• In examinations reviewing servicing of Home Equity Conversion Mortgage loans, examiners criticized the notices sent by servicers to successors of deceased borrowers informing them that they could qualify for an extension of time to delay or avoid foreclosure to enable them to purchase or market the property and directing them to return a form indicating their intentions for the property.  While the notices listed several documents that might be needed to evaluate whether the successor qualified for an extension, it did not direct them to submit such documents within a certain timeframe to be eligible for an extension. The Bureau found that the servicers had assessed foreclosure fees, and in some instances had foreclosed on properties, where successors had returned the form indicating that they intended to purchase or market the property but had not returned the documents necessary for an evaluation. While examiners did not find this to be a legal violation, they observed that it could pose a risk of a deceptive practice by creating an impression that the statement of intent was all that was needed to delay foreclosure.  In response to the Bureau’s findings, the servicers “planned to improve communications with successors, including specifying the documents successors needed for an extension and the relevant deadlines.”

Remittances.  CFPB examiners found that one or more supervised entities violated the remittance rule’s error resolution requirements by failing to refund fees and, as allowed by law, taxes to consumers whose remitted funds were made available to designated recipients later than the date of availability stated in the entity’s remittance disclosures and the delay was not due to any of the rule’s excepted events. The CFPB cited the violations, even though the delays at issue were due to a mistake by a non-agent foreign payer institution.  The CFPB reminded companies that “neither the relationship between a remittance transfer provider and the institution disbursing the funds to the designated recipient, nor the particular entity that is at fault for the delayed receipt of funds, is relevant to whether the remittance transfer provider must refund fees and taxes to the consumer.”  In response to the Bureau’s findings, the entities are making the mandated refunds.

Yesterday, the CFPB released the Winter 2019 edition of its Supervisory Highlights.  The report discusses the Bureau’s examination findings in the areas of automobile loan servicing, deposits, mortgage loan servicing, and remittances.  In this blog post, we focus on the Bureau’s findings relating to auto loan servicing.  (We will discuss the Bureau’s other findings in a separate blog post.)

The auto loan servicing findings include a discussion of interest to auto finance companies, based on the now-familiar topic of ancillary products.   Notably, however, the ancillary product issues identified concern refunds on such products when a consumer’s vehicle is repossessed or is declared a total loss.  These observations underline not only the Bureau’s continued interest in ancillary product issues, but also its high degree of attention to repossession- and collection-related issues in auto finance, which have been present in numerous examinations over the past couple of years.  The Bureau’s emphasis on ancillary product cancellation and refund issues also mirrors similar efforts by state regulators that we have observed.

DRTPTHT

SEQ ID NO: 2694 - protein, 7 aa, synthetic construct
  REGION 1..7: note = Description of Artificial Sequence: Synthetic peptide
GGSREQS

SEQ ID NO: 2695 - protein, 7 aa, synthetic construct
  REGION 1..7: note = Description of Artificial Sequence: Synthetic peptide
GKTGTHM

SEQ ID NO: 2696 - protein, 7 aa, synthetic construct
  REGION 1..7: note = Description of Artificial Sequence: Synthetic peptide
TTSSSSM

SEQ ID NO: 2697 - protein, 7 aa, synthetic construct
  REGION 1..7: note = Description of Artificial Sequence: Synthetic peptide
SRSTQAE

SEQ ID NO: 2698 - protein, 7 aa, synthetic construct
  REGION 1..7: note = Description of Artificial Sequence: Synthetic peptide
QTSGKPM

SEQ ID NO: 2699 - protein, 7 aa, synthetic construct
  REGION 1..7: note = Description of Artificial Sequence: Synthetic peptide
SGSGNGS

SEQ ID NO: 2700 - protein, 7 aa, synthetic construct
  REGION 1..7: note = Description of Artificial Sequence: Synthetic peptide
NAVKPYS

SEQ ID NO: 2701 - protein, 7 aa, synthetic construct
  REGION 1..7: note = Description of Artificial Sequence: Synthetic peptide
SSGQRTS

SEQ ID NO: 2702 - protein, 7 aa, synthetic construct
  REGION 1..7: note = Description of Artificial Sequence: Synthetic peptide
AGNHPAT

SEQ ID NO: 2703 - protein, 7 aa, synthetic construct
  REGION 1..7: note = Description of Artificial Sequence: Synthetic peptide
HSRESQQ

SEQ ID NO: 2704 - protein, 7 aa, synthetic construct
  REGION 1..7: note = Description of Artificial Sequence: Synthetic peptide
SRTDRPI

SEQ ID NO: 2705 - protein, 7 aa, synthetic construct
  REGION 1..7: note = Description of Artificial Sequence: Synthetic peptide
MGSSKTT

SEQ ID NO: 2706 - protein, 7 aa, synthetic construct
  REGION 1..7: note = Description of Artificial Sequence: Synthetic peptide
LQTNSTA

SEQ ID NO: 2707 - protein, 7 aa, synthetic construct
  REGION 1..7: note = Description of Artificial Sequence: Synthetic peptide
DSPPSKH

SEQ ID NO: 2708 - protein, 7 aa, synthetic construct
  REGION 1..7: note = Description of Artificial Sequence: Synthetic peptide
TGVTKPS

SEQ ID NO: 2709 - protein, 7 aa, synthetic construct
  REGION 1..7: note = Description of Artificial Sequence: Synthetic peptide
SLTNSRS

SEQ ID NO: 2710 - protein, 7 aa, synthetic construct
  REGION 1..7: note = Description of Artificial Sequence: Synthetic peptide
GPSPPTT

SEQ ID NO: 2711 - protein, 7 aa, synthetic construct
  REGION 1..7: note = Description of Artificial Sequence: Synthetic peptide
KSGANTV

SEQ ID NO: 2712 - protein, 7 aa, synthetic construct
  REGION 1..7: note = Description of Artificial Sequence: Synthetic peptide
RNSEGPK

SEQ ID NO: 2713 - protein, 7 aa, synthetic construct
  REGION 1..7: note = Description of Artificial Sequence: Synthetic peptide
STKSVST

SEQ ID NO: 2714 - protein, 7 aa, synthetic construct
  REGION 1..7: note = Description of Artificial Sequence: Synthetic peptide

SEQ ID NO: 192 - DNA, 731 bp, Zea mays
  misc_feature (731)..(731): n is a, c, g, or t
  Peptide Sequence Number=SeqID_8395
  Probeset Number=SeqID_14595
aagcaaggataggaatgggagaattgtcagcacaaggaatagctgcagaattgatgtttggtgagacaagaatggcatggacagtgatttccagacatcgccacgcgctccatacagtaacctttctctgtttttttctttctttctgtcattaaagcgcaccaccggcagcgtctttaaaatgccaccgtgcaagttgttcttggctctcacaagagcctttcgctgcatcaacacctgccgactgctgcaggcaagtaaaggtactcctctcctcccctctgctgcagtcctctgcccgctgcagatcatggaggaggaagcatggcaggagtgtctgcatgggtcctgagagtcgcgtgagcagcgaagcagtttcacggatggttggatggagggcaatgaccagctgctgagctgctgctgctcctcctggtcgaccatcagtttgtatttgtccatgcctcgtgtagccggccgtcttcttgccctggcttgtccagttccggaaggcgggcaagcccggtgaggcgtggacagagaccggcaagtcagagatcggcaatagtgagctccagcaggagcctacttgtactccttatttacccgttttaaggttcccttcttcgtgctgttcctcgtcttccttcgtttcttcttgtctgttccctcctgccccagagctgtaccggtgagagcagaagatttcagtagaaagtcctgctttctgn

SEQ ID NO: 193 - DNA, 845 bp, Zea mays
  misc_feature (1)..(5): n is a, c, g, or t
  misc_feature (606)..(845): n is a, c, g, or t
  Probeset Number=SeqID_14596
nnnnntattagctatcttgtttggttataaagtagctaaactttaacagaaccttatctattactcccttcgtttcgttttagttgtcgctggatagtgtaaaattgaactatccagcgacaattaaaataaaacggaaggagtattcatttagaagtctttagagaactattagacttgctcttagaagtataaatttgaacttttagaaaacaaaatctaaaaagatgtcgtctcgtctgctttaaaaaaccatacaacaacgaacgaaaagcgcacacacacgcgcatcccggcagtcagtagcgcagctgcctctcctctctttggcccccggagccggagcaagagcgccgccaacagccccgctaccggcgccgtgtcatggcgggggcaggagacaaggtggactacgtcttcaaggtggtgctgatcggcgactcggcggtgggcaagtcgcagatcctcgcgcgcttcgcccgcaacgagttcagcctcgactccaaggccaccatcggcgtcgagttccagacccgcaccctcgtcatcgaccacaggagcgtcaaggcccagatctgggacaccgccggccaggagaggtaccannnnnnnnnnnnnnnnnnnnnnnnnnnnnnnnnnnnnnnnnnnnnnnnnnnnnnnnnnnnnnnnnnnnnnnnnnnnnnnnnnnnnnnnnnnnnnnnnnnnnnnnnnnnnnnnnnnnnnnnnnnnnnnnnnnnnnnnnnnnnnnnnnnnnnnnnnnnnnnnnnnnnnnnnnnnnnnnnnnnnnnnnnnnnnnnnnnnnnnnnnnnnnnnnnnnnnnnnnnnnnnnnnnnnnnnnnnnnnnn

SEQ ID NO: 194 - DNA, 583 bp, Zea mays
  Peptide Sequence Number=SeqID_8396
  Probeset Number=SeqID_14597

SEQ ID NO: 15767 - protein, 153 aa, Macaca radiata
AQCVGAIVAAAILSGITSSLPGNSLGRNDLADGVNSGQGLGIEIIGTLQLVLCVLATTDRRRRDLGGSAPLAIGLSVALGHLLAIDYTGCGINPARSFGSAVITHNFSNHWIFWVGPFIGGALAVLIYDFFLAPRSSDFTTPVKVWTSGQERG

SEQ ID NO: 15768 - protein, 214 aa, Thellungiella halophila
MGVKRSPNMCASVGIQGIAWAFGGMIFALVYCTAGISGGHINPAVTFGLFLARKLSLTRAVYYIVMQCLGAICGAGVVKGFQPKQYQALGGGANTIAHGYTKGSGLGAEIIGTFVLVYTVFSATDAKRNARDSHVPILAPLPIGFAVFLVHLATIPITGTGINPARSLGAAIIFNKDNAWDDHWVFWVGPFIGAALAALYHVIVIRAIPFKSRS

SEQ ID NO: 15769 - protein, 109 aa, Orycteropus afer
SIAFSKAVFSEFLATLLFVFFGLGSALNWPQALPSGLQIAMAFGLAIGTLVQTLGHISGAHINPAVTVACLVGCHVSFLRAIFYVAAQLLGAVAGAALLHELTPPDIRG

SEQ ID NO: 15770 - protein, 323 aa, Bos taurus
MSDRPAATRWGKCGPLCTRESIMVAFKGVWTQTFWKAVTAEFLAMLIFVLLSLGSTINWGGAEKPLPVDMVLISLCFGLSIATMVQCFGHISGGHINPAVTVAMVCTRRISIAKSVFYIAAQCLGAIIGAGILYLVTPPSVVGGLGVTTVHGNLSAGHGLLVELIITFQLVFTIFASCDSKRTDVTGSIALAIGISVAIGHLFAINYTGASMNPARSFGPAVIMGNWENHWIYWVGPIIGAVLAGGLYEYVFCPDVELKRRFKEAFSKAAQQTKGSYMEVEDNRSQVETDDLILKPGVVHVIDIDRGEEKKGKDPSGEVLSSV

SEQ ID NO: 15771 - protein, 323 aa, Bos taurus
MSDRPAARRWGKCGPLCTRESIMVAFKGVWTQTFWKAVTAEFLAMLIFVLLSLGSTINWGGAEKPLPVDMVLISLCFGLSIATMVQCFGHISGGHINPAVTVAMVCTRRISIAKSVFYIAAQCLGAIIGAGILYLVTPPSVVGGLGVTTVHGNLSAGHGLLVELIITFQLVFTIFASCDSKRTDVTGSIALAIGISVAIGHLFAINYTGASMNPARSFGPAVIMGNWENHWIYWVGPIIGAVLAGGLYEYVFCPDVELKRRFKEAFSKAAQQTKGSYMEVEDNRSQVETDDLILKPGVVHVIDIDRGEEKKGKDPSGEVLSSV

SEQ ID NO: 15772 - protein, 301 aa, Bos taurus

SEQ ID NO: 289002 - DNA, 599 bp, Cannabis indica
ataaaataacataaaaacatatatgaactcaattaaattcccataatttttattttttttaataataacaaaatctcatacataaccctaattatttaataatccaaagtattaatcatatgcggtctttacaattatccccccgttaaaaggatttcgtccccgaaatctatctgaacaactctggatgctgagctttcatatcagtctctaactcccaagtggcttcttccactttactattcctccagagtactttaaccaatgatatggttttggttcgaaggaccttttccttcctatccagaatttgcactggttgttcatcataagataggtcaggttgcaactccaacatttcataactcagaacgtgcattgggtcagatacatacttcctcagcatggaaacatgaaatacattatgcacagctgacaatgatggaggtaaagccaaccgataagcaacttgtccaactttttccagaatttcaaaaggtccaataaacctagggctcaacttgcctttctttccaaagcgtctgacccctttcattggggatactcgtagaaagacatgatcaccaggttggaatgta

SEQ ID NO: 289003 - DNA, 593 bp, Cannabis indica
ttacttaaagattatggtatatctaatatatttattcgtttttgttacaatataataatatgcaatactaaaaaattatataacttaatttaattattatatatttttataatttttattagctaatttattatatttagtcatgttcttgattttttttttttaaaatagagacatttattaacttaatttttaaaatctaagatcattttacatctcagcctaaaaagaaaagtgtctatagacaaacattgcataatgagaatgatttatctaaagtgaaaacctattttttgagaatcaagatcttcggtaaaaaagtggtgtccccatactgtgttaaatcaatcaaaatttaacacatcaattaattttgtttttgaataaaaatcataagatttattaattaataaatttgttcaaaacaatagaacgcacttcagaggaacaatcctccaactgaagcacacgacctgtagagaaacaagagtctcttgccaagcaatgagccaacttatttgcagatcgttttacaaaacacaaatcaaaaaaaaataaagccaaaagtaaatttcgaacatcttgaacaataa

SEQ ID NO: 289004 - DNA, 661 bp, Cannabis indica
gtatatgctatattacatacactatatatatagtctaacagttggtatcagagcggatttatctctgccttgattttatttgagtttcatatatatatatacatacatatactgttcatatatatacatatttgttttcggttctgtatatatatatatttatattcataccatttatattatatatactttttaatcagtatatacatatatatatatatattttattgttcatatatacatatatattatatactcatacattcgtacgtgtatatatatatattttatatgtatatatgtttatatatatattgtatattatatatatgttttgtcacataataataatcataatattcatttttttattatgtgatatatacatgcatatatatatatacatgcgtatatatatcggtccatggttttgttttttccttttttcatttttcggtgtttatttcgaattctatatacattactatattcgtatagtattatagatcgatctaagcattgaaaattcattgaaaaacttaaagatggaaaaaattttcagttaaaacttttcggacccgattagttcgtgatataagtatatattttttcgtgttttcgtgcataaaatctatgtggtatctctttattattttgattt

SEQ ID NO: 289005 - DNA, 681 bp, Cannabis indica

The discussion in Supervisory Highlights mentions two practices that the Bureau found to be unfair or deceptive.  First, the Bureau stated that “one or more servicers” had made errors in requesting refunds on extended service contracts purchased with used cars.  In essence, the servicers allegedly had used the total mileage on the cars in calculating the refund amount, when the correct calculation should have been based on the miles driven by the consumer after purchase.  The Bureau noted that this error reduced the amount of the refunds provided to consumers, which in turn increased their deficiency balances.  According to the Bureau, the attempts made to collect these inflated balances were “unfair” under Dodd-Frank.  The servicer(s) involved remediated the issues (although the type of remediation is unspecified), and began to “verify mileage calculations” on service contract refunds.

Our take on this issue is that it reflects a pattern we continue to see in CFPB examinations – that errors in operations – be they human or system errors – are still a fertile ground for UDAAP findings by the CFPB.  And, as noted below, when those errors affect deficiency balances or collections, they Bureau will likely identify them as UDAAP violations.

The second issue discussed in Supervisory Highlights seems to be potentially more generally applicable.  The Bureau noted that “one or more servicers” failed altogether to request refunds on ancillary products after repossession or total loss events.  According to the CFPB, the servicers then sent deficiency balance notices to consumers, including a line item for “total credits/rebates.”  The Bureau concluded that this deceived consumers, who interpreted the statements as including any available refunds from ancillary products, when in fact no refunds had been requested by the servicer.  The Bureau went on to note that the servicer(s) involved “remediate[d] affected borrowers,” and “changed deficiency notices to clarify the status of eligible ancillary product rebates.”